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There was a lot of noise this week about how the Supreme Court of the United States struck down a Texas law that imposed regulations on abortion clinics, but there was little notice of a more important ruling. In Stormans v. Weisman, the Supreme Court declined (5 – 3) to hear a petition on a Ninth Circuit case out of Washington State that affirmed a state law requiring all pharmacies to stock and dispense the “Plan B” pill, which can act either as an emergency contraceptive or an abortifacient.
The Stormans own Ralph’s Thriftway, a grocery store/pharmacy with two locations a couple of miles apart in Olympia, Washington. Despite the Ralph’s employees’ willingness to refer customers to any of the 30 other nearby pharmacies that stock the drug, Washington State is determined that traditionalist Christians must not be allowed to run a pharmacy that does not stock the pill. That is unfortunate, because the Washington State law is a clear violation of the Stormans’ First Amendment right to the free exercise of their religion. Writing for the dissenters (and joined by Chief Justice Roberts and Justice Thomas), Justice Samuel Alito writes:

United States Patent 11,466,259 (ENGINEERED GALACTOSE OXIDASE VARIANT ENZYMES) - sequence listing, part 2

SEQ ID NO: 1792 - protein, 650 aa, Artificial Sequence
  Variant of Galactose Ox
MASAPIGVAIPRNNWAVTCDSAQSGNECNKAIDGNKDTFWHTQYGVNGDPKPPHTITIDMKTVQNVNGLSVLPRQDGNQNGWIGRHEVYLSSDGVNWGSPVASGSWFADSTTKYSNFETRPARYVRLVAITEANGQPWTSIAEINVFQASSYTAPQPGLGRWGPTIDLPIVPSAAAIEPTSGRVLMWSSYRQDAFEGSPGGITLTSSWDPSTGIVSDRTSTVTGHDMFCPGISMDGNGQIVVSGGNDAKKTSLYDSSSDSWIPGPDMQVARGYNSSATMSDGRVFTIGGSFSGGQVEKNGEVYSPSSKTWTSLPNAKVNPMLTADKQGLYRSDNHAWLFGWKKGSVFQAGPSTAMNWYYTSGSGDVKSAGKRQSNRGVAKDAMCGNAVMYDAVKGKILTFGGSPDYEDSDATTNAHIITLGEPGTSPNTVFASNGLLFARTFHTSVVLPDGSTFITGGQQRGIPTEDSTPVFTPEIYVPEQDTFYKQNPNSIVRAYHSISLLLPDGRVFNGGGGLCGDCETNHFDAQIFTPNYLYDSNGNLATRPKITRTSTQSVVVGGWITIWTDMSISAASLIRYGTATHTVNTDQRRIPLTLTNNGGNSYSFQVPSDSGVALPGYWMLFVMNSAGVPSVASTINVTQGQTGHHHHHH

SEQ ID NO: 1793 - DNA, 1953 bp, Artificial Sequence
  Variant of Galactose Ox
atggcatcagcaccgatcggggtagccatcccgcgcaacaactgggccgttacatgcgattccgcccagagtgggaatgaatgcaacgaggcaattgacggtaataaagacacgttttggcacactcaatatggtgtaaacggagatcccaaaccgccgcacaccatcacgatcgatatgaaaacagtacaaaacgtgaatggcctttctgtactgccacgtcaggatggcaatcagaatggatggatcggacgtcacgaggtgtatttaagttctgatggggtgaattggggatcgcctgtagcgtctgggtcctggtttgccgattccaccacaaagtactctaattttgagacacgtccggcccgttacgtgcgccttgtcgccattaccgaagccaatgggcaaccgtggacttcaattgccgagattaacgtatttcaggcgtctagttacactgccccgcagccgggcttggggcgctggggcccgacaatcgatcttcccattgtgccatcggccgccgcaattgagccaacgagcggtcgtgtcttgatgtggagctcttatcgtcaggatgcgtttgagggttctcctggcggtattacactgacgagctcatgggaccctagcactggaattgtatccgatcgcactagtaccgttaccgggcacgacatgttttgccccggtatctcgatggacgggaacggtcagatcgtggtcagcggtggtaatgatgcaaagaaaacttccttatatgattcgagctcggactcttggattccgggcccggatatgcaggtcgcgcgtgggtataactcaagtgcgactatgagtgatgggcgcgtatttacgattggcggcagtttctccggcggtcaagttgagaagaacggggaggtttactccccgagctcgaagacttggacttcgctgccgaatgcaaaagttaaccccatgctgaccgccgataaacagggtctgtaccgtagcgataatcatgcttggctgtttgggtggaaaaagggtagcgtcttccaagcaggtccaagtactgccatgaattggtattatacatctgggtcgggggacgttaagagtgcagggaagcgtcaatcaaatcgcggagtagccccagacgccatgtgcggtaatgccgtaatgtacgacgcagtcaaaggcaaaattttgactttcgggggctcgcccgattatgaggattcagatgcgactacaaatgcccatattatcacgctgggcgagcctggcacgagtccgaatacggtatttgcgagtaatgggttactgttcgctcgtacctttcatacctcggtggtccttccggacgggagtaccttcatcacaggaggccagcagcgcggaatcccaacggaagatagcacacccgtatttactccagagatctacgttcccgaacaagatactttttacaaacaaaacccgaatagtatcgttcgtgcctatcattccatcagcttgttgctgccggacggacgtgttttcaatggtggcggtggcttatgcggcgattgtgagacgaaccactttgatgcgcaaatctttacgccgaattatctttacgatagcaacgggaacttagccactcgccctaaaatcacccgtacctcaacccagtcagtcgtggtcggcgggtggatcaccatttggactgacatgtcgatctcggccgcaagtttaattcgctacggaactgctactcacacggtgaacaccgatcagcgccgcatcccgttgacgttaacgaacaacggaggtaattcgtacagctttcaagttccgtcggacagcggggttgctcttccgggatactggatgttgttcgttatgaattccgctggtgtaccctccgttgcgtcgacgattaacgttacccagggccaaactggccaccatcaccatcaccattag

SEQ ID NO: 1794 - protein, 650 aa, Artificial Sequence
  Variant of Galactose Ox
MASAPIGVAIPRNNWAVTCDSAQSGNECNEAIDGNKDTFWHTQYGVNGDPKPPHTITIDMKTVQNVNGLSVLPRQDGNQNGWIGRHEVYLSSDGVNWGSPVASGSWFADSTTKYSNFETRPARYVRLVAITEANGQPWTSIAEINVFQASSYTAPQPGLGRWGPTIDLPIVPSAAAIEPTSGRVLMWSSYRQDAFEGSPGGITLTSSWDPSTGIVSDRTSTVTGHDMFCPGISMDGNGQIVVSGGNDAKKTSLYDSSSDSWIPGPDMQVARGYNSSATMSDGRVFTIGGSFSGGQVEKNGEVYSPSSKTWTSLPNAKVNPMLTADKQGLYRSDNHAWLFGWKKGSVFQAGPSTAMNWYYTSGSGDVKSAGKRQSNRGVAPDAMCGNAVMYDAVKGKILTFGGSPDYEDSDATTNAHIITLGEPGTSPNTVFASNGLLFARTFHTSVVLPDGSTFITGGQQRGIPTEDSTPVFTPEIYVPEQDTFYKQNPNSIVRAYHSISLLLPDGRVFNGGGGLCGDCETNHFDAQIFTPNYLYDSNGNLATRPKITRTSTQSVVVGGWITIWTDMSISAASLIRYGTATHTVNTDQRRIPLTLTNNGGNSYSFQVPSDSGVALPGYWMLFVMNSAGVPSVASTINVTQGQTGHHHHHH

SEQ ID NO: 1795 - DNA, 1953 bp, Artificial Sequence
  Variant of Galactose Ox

This case is an ominous sign. At issue are Washington State regulations that are likely to make a pharmacist unemployable if he or she objects on religious grounds to dispensing certain prescrip- tion medications. There are strong reasons to doubt whether the regulations were adopted for—or that they actually serve—any legitimate purpose. And there is much evidence that the impetus for the adoption of the regulations was hostility to pharmacists whose religious beliefs regarding abortion and contraception are out of step with prevailing opinion in the State. Yet the Ninth Circuit held that the regulations do not violate the First Amendment, and this Court does not deem the case wor- thy of our time. If this is a sign of how religious liberty claims will be treated in the years ahead, those who value religious freedom have cause for great concern.